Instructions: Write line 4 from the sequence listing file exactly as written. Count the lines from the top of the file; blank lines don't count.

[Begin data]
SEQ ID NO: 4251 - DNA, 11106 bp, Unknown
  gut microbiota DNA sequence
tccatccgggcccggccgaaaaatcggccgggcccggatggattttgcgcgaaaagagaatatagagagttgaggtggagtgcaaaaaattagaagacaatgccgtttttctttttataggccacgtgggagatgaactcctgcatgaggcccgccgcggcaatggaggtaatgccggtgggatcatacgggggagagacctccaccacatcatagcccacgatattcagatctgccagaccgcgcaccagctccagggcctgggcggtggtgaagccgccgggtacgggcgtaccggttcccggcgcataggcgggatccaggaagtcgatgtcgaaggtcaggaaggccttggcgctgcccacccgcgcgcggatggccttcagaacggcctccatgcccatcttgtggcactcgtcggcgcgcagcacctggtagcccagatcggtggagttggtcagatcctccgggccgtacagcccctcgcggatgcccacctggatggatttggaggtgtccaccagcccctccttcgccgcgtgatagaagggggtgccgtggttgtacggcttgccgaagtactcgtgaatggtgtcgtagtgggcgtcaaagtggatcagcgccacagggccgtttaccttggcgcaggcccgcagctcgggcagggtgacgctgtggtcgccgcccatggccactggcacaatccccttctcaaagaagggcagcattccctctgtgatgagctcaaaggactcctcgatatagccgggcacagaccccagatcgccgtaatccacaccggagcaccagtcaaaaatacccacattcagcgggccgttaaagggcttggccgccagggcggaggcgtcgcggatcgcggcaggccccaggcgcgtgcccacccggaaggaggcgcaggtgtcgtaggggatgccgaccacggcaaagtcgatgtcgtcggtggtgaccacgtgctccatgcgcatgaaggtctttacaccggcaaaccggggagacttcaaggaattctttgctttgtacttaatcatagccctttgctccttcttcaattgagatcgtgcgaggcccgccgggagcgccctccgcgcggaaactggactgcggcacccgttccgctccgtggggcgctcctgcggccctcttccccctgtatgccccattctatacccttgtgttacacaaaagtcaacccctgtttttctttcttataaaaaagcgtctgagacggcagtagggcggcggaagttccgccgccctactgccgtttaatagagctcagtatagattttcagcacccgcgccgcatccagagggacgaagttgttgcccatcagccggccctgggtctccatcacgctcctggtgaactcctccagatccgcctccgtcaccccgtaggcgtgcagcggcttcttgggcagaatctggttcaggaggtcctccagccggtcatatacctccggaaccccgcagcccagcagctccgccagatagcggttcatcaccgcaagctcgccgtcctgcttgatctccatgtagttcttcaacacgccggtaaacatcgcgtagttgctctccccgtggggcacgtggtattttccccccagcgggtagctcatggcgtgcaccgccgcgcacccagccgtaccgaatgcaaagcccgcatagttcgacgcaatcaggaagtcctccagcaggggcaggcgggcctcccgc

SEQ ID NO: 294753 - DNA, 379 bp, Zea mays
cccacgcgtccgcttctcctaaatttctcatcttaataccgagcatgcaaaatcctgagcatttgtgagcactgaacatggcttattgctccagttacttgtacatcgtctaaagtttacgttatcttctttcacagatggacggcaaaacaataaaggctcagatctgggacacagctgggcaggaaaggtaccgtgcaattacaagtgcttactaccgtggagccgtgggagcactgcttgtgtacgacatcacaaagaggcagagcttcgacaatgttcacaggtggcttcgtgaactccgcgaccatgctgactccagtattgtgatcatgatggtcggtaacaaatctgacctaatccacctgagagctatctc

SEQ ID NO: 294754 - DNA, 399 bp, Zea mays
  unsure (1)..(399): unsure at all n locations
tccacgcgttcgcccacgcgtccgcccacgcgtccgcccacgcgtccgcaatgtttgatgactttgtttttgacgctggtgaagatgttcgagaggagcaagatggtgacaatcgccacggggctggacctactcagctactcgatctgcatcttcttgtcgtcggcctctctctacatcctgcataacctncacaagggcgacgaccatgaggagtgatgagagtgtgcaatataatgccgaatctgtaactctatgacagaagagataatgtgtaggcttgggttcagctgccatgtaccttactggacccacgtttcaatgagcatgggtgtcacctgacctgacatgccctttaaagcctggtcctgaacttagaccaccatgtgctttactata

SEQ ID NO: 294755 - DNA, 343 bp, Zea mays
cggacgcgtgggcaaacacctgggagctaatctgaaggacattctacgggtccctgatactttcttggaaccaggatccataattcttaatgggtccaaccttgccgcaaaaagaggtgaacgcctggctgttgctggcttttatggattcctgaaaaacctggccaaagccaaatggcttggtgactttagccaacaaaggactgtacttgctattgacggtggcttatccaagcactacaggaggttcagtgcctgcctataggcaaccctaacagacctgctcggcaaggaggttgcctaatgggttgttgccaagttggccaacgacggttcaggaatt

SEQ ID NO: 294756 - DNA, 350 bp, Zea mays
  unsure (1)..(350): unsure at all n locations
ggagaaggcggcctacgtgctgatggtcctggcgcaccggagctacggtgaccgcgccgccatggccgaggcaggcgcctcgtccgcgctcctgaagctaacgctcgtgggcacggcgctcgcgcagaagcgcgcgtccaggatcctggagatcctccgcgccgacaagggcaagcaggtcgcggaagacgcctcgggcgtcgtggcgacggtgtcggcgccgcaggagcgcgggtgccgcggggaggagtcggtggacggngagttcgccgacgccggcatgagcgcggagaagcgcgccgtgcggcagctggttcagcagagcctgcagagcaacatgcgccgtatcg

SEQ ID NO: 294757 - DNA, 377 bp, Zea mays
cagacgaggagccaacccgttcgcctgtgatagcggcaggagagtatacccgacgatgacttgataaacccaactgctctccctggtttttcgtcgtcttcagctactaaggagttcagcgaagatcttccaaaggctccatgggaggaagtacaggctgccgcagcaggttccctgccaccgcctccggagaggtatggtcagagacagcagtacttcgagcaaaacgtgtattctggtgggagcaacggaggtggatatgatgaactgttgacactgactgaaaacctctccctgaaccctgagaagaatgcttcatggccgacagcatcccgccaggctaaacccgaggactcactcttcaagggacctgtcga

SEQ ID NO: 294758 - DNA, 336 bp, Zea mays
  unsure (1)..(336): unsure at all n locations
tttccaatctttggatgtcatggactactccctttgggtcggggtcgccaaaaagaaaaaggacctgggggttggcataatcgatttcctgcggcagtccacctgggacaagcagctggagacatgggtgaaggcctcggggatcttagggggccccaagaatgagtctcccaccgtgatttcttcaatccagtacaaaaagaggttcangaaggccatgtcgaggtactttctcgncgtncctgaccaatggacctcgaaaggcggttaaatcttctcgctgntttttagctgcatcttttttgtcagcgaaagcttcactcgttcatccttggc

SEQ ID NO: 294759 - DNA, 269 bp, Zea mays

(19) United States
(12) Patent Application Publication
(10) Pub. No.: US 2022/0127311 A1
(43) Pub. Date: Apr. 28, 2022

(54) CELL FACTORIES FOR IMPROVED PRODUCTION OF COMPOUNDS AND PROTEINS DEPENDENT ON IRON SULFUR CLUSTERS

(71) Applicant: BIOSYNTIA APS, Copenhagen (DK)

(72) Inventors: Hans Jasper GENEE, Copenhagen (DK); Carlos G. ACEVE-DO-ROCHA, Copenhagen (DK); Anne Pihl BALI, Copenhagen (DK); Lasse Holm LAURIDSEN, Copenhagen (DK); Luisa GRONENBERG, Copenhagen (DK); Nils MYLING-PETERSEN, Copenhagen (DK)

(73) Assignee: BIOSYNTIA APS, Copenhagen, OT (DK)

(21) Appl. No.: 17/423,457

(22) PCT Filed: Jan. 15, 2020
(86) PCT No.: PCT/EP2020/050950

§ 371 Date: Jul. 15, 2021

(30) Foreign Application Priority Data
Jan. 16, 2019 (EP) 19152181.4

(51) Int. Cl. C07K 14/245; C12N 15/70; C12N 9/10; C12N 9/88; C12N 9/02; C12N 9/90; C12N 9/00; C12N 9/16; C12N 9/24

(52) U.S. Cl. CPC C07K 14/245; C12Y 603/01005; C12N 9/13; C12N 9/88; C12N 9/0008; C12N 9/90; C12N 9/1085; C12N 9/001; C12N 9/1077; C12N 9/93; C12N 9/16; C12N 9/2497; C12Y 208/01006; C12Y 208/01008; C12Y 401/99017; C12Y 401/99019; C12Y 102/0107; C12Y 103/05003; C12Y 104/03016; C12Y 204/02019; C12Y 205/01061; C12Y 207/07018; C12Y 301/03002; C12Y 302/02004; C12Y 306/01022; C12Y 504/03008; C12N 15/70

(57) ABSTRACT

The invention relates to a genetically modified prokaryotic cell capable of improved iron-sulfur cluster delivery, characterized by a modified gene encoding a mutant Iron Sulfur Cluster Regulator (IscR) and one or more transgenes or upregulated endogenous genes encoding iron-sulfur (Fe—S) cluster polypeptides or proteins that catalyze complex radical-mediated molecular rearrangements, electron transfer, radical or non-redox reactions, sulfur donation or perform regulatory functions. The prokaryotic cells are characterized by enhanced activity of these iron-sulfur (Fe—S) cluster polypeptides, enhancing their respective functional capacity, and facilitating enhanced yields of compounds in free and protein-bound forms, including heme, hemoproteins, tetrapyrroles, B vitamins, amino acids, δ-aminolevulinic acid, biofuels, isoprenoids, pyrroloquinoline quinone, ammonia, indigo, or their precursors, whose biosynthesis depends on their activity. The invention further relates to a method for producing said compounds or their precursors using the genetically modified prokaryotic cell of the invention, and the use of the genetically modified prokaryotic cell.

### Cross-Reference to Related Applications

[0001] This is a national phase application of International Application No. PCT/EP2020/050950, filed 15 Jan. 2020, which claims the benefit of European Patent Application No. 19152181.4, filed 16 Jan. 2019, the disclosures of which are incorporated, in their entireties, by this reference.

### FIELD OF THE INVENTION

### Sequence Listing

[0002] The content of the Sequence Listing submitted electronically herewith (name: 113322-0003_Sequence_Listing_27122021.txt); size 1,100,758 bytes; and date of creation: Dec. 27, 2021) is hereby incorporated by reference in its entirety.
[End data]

SEQ ID NO: 294753 - DNA, 379 bp, Zea mays